May 27, 2024
Close this search box.
Close this search box.
May 27, 2024
Close this search box.

Linking Northern and Central NJ, Bronx, Manhattan, Westchester and CT

Deadlock Looms in Israel Elections

Less than a week before the fourth Israeli election in two years, nothing is as it appeared even a few weeks ago. The polling numbers have radically changed, and the candidates are scrambling to keep up.

When Gideon Sa’ar left Likud to form the New Hope party, he did not imagine that things would stand as they are with the election less than a week away. Every poll over the past week has reflected the fact that the initial enthusiasm among potential voters has faded.

Polls that initially predicted New Hope would win 17-18 Knesset seats now show it winning a single-digit number of mandates, and Sa’ar has one goal ahead of the elections: to stop his party’s freefall ahead of the final poll.

The distress in New Hope has produced one of the most bizarre election campaigns seen in recent years, which included blaming rivals for things that never happened. Adding that to the fact that Sa’ar has so clearly aligned himself not only with the political center but with the hard-left has left many questioning their support for him.

Like Yisrael Beytenu leader Avigdor Lieberman, Sa’ar is, of course, free to switch political sides as he sees fit and leave it to the public to decide whether to follow him. But it is unclear whether the lawmakers he named for his slate—a motley crew of former MKs—will stand by him in the event that he fails to become the prime minister.

Many of them are beginning to realize that claiming to be right-wingers at heart while shunning a Likud-led coalition is a contradiction in terms and therefore impossible.

The same can be said of Yamina leader Naftali Bennett. Seeking the role of kingmaker, he has been keeping his cards close to his vest. He, too, has to perform well in the final voter survey, and he, too, has to adjust to the idea of the alternative if Netanyahu is able to form a government.

Bennett may miss an opportunity to get to be the prime minister for a while—without a rotation agreement that’s impossible anyway—but the long-term damage to the introduction of significant left-wing elements into the government when there is another, clear alternative will come back to haunt him.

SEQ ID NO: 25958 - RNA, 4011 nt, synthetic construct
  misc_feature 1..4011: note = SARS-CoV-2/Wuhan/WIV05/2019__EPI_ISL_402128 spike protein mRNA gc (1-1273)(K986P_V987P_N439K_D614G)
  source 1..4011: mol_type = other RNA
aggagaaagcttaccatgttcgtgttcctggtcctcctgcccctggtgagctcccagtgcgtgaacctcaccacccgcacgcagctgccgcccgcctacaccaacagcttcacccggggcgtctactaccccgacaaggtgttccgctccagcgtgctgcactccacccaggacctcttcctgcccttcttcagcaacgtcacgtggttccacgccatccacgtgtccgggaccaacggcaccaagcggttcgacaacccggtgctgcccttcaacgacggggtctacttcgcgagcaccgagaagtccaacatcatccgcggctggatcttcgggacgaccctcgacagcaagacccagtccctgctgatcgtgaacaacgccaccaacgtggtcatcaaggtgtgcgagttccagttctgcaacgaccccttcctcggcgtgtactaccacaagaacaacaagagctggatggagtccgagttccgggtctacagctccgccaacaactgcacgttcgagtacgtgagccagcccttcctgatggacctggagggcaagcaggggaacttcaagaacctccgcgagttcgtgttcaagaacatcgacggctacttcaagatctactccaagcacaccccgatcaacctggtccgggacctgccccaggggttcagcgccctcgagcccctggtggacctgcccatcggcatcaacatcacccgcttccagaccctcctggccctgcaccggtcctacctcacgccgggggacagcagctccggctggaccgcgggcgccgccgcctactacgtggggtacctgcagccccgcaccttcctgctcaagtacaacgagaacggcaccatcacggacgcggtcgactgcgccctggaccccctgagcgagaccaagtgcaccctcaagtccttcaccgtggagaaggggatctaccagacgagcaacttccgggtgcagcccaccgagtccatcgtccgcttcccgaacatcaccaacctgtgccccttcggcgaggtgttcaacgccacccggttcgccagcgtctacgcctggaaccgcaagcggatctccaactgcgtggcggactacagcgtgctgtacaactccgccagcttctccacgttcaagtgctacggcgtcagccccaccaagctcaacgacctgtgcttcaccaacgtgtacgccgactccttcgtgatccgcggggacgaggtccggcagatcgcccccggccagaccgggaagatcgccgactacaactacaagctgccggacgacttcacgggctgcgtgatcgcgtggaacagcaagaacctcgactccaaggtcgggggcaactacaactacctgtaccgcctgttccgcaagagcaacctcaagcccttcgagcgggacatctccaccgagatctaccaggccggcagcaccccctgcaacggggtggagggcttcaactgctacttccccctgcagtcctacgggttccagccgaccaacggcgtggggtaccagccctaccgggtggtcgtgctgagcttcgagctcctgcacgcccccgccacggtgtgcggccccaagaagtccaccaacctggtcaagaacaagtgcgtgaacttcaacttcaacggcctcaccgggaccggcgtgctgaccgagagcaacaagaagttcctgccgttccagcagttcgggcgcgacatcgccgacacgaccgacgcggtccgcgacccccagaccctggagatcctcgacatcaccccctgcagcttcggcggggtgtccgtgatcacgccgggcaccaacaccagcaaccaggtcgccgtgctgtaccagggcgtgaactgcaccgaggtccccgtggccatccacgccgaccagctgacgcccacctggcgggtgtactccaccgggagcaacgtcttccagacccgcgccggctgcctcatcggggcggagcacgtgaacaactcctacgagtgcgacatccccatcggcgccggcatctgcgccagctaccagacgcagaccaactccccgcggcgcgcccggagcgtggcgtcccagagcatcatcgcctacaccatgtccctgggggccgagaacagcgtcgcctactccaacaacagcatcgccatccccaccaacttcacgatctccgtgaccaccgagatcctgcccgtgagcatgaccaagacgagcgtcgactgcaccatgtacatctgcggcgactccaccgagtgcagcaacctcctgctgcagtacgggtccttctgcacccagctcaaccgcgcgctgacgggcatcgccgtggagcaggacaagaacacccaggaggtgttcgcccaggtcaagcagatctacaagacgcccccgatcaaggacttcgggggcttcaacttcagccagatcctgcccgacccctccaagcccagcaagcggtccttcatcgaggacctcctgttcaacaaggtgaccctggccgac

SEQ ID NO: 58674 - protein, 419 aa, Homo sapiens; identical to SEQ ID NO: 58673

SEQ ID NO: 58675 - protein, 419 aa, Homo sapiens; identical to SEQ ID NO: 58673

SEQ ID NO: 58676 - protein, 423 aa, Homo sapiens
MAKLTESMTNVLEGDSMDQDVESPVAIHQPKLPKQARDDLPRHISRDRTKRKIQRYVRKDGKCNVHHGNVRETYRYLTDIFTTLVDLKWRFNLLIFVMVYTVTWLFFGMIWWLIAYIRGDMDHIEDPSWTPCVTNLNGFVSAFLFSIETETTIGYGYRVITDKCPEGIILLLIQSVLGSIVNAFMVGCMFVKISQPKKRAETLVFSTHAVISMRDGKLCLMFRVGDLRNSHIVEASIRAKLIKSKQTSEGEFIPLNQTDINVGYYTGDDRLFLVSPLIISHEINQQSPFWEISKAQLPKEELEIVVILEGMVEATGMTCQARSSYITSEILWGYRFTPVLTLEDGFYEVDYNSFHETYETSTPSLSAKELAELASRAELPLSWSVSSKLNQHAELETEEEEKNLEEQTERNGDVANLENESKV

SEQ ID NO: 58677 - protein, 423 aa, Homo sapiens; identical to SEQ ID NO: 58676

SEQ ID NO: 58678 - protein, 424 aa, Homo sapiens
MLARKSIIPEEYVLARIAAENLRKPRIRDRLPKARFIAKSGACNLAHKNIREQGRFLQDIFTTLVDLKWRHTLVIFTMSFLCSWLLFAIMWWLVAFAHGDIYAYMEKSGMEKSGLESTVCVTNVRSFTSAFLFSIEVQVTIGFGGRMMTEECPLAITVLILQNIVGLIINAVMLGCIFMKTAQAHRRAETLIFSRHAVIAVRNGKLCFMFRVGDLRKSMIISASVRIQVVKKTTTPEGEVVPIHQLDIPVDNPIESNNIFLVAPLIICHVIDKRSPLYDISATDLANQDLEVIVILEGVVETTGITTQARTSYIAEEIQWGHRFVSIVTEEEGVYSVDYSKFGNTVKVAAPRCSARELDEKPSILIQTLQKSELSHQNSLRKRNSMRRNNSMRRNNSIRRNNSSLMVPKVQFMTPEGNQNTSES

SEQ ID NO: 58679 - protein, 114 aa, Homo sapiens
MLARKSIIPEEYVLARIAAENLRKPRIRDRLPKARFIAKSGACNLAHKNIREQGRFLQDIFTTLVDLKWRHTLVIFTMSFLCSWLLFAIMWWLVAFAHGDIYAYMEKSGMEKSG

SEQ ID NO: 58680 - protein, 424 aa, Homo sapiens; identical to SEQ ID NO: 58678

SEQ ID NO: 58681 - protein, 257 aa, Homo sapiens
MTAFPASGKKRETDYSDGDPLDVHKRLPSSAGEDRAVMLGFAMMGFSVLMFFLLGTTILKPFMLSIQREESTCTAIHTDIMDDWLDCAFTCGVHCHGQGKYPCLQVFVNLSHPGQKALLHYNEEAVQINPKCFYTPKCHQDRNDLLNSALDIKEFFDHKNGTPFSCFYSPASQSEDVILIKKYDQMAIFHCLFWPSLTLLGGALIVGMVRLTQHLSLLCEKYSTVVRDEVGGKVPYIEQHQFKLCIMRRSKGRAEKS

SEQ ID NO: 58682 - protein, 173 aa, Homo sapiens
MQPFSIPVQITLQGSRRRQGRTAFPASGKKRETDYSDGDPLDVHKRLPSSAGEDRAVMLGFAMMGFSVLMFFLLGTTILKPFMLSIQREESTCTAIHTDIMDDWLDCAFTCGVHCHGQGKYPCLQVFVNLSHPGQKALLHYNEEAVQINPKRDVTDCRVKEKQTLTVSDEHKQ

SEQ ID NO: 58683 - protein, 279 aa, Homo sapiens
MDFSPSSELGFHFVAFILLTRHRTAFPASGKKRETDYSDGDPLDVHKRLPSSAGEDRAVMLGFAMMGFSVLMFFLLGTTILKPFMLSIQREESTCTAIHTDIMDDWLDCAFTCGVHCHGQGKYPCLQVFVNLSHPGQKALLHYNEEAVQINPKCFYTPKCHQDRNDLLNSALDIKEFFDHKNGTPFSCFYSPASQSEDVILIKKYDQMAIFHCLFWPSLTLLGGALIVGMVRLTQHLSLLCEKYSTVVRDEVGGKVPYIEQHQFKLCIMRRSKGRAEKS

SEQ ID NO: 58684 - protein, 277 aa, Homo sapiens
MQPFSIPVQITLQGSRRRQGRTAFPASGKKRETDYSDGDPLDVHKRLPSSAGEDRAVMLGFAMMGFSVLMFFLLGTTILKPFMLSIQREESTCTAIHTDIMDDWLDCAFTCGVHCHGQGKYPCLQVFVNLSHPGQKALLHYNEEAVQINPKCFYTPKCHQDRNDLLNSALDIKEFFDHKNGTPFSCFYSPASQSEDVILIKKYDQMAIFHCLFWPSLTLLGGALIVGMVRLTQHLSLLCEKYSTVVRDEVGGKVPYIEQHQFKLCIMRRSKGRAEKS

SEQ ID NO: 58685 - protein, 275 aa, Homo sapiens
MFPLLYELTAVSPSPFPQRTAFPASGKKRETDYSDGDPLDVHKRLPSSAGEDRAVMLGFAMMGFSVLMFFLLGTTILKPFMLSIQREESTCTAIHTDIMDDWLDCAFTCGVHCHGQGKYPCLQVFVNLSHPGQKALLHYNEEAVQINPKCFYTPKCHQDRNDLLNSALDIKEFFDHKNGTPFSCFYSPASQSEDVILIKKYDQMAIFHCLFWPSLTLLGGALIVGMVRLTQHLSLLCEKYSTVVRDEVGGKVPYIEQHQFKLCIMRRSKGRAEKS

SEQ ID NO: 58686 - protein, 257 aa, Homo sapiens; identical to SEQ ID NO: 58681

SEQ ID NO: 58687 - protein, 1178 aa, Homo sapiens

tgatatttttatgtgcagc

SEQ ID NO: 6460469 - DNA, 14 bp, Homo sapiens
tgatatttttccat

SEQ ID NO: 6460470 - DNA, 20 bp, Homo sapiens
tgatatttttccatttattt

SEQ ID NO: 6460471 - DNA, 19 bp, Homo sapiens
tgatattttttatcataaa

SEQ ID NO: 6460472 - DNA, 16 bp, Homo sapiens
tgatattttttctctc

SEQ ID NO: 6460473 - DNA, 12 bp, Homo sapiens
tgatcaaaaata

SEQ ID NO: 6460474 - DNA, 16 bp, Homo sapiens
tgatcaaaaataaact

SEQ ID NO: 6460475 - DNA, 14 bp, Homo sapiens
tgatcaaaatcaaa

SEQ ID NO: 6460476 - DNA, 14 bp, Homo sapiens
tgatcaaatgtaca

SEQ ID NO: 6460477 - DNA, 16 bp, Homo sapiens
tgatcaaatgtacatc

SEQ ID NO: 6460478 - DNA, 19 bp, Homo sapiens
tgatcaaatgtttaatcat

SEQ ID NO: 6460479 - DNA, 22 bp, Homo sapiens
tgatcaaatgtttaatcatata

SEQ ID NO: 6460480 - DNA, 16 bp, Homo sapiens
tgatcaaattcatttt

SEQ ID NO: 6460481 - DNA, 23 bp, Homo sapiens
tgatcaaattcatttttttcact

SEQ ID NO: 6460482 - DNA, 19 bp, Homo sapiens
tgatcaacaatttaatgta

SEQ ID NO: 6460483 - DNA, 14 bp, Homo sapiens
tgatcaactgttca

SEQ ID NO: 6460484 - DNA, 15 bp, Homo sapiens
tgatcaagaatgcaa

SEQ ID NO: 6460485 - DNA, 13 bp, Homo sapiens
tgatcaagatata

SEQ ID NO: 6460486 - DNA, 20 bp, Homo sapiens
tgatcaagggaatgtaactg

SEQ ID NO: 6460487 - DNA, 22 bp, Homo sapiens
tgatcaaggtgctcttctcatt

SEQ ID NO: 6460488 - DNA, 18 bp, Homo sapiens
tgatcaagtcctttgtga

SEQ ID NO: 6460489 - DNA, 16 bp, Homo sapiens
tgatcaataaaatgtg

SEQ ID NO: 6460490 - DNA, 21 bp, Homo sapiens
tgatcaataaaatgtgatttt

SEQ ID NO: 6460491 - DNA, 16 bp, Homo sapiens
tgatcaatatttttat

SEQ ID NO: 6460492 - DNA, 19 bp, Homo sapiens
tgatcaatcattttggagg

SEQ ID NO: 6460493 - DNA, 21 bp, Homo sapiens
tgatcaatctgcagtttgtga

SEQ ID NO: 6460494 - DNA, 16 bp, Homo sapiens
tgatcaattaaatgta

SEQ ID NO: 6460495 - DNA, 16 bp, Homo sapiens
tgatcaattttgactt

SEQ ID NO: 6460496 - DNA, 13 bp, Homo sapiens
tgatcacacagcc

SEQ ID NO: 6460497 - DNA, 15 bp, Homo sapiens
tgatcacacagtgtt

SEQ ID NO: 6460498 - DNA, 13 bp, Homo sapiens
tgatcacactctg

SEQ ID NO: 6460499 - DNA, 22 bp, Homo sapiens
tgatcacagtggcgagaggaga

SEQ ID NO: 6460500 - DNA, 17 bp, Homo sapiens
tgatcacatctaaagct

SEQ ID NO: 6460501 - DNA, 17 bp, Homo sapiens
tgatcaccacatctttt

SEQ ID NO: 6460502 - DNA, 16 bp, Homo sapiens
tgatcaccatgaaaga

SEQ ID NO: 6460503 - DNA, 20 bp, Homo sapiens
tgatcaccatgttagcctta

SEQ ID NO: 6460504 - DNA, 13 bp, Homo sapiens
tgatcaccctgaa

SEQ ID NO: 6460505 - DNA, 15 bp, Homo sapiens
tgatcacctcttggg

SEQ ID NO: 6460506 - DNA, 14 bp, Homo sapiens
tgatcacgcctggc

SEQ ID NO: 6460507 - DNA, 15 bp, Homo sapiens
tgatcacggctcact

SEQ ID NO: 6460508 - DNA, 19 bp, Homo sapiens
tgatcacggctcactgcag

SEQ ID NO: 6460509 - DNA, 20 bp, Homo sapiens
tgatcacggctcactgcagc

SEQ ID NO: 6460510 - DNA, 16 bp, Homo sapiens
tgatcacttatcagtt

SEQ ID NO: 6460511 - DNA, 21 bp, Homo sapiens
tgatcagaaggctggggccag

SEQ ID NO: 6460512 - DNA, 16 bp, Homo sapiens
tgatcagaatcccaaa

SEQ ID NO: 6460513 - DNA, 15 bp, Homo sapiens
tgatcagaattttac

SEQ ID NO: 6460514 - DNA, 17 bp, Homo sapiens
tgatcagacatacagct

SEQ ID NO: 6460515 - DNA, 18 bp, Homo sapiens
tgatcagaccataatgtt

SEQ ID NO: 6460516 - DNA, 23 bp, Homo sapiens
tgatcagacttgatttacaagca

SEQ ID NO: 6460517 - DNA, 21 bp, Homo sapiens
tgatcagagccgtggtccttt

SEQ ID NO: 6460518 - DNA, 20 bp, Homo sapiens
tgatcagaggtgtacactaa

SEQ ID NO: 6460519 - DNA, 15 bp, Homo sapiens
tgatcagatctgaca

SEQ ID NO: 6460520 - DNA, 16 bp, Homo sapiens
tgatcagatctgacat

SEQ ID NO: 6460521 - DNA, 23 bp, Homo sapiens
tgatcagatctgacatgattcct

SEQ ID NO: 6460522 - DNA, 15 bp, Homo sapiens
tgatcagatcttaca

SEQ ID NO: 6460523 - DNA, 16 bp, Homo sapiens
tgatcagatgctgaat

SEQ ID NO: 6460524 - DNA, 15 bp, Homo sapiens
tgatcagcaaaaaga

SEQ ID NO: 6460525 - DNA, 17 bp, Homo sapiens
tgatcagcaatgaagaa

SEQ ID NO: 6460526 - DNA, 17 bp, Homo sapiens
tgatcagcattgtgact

No political leader in the right can torpedo the formation of a right-wing government and think he would continue to be considered part of the national camp—not when the only ones rooting for such a move are leftists.

Such a government may be feasible from a legal standpoint, but it will have zero public legitimacy. It would be unable to make any decision—big or small—because its “partners” will undermine it from within and cripple it in a way that will make all of us miss the days of the current national unity government. This is why anyone who sees themselves as part of the right must pledge to join a right-wing government.

The same, by the way, applies to Prime Minister Benjamin Netanyahu. If he again opts to exclude a right-wing party from his government in favor of one from the center-left bloc he would be no different than Bennett or Sa’ar.

The issues at hand—judicial reforms, dealing with pressure from the Biden administration over the Judea and Samaria settlement enterprise, fighting crime, etc.—are far too important to right-wing voters to be treated as commodities in negotiations with the left.

The Likud has not soared in the polls, but that doesn’t hurt it. Netanyahu has to be able to build up to election day, when he can masterfully shake voters out of their apathy and spur them into action. In that respect, a surge in the polls would be counterproductive.

Yesh Atid head Yair Lapid, for his part, is sparing no effort to undercut Blue and White in the polls with the aim of seeing Benny Gantz drop out of the race at the last minute.

Blue and White has been consistently teetering on the brink of the electoral threshold, but if the final poll shows him holding steady at the minimal four seats, not only would convincing him to drop out be impossible, it would be impossible to convince his supporters to vote for someone else.

By Mati Tuchfeld/Israel Hayom

Leave a Comment

Most Popular Articles